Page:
At Twilight

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Location: Midwest, United States

Saturday, June 20, 2015


I woke, Thursday morning, aware that I was officially one year older than I was the night before.  I had entered the fifth year of my seventh decade.

I suppose that, if I were of a more philosophical bent that morning, I might have formulated a thought or two about this whole "aging" thing.  I didn't dwell much on that.  I simply brewed my coffee and slowly prepared for a morning bicycle ride.  I wanted to ride.  I looked forward to cycling a favorite forest preserve trail while the day was young (though I can't claim that I felt all that young myself).

The weather was...uncertain.  That's pretty much the way the weather has been for weeks and months on end.  We've had rain.  Lots and lots of rain.  We've had wind.  Lotsa wind.  In recent days, I've cycled either in cold temperatures or hot temperatures.  All things in moderation is a worthwhile concept but, in these here environs, "moderation" seems a quaint notion.  The days swing between extremes, rarely pausing in any state remotely resembling moderation.  So be it.

I'm slowly learning to accept Life as it comes.  

The sky was overcast when I arrived at the preserve.  The wind was brisk to say the least.  The humidity was near 100%.  While every cyclist hopes for ideal conditions, this cyclist...this day...didn't care.  I wanted to ride and ride I did.

Several miles along the trail, it began to rain.  A few sprinkles at first, then a drizzle as a prelude to a steady, gentle rain.  I didn't mind.  It was satisfying enough to keep pedaling, moving forward, traversing past groves of trees and wetlands and prairies.  My eyeglasses were pretty much useless, coated with raindrops and completely fogged by the humidity.  I pedaled in an out-of-focus dream state.  I didn't mind.  It seemed a good metaphor for my general state of mind.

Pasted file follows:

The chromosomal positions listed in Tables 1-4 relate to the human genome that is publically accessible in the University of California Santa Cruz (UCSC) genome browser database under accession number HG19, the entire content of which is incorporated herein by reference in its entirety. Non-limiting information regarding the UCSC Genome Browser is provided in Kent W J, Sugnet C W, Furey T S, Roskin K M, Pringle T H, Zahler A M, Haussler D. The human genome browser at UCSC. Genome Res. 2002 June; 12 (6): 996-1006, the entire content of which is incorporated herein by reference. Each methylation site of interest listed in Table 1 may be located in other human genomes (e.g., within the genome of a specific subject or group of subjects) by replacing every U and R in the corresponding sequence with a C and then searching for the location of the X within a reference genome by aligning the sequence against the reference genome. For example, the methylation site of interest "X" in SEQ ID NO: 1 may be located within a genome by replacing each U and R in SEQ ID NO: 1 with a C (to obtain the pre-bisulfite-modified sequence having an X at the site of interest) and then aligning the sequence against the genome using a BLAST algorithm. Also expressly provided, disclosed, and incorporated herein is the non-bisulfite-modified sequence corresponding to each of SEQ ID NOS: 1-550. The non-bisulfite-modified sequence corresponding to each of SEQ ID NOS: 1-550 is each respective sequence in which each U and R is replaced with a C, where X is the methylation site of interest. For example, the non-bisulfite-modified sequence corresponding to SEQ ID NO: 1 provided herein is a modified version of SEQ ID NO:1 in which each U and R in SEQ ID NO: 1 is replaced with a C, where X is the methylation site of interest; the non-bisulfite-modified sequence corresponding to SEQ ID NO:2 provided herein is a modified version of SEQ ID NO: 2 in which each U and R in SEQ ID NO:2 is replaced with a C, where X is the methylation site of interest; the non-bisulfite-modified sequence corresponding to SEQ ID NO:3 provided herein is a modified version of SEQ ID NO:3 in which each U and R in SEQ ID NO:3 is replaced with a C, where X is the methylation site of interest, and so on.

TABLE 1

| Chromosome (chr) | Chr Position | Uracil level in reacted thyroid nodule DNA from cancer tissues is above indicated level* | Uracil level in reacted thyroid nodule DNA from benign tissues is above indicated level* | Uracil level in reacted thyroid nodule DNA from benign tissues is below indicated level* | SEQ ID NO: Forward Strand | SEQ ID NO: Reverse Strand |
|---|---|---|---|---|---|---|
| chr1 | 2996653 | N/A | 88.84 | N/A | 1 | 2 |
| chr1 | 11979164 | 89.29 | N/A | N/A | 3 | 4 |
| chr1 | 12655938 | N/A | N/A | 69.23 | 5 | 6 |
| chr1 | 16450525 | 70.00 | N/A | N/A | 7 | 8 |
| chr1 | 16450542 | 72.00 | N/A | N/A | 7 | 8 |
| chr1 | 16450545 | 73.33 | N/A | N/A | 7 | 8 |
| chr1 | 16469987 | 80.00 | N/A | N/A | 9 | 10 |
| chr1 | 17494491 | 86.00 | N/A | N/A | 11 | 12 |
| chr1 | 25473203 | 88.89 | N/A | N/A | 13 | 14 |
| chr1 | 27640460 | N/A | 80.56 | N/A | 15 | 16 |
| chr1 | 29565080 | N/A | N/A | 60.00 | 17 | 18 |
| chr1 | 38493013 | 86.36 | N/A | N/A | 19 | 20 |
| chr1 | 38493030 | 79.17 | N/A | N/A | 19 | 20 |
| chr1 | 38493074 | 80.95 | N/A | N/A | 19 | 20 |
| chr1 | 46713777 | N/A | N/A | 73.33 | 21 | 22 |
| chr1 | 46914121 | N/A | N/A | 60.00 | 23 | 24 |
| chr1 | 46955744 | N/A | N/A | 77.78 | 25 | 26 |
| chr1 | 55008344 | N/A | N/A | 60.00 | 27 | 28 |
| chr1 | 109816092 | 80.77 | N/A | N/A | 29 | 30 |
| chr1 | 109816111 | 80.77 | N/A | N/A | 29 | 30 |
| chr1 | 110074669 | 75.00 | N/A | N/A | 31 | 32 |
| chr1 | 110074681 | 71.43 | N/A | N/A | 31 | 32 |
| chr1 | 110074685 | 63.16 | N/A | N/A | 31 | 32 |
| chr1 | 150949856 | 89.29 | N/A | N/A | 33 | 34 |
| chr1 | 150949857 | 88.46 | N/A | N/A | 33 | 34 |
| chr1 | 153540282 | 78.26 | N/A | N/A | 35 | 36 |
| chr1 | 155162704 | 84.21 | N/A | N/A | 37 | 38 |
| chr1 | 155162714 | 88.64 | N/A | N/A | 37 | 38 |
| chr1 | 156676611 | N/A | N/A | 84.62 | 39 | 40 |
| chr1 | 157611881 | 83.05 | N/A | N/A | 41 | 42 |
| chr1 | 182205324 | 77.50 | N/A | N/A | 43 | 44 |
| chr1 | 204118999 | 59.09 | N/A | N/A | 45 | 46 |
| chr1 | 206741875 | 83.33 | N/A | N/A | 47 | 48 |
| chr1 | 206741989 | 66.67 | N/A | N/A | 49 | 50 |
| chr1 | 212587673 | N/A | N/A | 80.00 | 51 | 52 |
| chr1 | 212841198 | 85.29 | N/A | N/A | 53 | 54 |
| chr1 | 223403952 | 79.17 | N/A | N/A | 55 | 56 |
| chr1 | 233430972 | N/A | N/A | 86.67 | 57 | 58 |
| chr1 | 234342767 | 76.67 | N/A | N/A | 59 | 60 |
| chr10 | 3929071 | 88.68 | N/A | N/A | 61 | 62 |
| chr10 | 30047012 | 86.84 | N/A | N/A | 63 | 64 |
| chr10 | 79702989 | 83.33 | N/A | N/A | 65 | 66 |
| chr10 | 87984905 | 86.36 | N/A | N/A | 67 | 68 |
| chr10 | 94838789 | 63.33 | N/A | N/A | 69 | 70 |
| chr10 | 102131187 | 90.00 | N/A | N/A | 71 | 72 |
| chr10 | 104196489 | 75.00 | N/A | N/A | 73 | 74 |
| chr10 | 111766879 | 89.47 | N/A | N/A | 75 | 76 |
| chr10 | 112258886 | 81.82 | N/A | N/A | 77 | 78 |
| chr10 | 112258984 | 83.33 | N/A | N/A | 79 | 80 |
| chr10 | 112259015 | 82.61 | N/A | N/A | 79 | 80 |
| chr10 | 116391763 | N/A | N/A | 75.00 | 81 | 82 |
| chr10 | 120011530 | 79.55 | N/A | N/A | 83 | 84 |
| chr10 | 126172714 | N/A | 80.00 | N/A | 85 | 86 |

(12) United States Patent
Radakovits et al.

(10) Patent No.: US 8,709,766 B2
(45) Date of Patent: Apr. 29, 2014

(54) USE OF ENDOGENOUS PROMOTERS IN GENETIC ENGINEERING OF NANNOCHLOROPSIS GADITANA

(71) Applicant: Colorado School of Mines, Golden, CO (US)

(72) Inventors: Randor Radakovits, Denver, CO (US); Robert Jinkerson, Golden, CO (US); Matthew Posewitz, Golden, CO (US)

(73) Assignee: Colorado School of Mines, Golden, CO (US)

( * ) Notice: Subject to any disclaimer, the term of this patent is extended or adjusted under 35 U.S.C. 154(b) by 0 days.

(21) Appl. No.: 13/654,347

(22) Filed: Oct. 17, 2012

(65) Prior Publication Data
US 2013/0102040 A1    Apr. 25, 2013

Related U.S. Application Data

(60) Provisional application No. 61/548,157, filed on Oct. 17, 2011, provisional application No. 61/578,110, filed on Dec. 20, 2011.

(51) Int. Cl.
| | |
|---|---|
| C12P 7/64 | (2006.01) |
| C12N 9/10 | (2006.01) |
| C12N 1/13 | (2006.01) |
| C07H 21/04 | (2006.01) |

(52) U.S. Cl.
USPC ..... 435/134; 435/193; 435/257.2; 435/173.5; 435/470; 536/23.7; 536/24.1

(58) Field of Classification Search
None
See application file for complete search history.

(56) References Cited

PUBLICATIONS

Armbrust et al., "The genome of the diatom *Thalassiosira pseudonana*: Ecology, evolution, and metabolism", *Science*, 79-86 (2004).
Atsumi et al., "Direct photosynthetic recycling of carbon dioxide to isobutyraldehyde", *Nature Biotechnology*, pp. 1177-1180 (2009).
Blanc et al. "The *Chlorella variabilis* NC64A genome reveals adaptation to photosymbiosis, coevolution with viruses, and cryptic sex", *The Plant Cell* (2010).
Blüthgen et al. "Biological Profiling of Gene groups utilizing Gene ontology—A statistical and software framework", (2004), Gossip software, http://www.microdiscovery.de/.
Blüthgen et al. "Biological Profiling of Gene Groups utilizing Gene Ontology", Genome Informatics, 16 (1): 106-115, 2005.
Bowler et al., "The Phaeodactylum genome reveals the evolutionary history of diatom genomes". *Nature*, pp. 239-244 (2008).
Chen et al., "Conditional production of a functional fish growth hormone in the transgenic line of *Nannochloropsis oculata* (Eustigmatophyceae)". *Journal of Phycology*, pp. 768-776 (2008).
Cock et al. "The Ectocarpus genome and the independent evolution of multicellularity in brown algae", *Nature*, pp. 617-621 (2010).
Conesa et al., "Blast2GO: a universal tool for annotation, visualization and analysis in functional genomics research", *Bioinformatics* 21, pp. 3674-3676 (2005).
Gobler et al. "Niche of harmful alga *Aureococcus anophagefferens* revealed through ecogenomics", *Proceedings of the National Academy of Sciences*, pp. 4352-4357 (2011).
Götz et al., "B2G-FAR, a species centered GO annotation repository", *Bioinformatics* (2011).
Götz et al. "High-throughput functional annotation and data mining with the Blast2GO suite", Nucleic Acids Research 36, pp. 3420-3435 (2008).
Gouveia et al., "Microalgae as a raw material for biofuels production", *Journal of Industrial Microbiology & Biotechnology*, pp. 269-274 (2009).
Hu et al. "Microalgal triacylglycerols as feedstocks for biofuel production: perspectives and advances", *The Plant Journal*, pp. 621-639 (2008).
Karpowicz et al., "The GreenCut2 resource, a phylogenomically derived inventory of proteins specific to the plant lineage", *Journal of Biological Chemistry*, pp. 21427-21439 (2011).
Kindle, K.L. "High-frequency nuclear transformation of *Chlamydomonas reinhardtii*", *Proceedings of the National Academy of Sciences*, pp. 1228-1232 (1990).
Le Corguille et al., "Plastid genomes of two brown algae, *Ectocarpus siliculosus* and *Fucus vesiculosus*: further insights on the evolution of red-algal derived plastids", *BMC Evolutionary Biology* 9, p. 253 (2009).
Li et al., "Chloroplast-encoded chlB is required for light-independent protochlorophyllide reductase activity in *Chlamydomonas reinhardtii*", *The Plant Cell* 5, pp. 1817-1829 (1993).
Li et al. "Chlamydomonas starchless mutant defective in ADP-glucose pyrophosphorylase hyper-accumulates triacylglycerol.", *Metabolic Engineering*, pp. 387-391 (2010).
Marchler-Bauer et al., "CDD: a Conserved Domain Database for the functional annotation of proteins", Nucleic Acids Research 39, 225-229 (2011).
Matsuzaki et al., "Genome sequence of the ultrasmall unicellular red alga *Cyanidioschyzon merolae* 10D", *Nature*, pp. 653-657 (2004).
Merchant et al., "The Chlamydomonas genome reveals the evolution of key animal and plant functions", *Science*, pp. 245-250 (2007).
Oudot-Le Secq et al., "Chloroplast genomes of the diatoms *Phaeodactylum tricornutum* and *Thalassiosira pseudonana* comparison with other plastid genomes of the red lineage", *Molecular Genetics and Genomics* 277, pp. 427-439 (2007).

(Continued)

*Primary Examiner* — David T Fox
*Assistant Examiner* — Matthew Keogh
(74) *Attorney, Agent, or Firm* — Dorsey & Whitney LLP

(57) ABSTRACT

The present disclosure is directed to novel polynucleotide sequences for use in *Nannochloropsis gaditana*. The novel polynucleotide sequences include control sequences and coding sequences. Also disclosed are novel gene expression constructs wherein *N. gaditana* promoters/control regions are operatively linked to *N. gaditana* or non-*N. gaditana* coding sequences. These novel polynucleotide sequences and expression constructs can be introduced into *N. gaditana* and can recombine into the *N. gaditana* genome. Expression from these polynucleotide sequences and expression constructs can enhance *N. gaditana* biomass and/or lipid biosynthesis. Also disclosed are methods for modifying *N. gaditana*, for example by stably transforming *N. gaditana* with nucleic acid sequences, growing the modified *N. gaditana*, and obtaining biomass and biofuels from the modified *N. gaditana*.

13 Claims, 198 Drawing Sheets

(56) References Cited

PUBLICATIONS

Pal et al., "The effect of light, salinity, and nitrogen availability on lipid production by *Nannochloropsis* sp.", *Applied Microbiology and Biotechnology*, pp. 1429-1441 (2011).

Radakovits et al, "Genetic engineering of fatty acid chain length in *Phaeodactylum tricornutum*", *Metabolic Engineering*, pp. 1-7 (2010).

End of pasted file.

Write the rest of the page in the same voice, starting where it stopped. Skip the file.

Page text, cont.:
I felt content.  I felt blessed.  A young doe crossed the trail ahead of me and that pleased me.  A hawk flew past.  Miles later, a heron glided by.  I was in a happy dream state.

As rain dripped from my helmet, my arms and legs, and sprayed from my bicycle's tires, I slowly came to the realization that I had been deliberately steering my way through puddles.  I made no effort to avoid them.  Not at all.   I rather enjoyed making splashes and ripples.  And then it hit me: I was simply being a child again.  This seventh decade denizen had enthusiastically reverted to that long-lost child who loved to splash about in puddles.  And that, my friends, was a joyous realization.

So it was...on the day I turned to be sixty-four...I became a child of five again.

That pleases me more than I can express.

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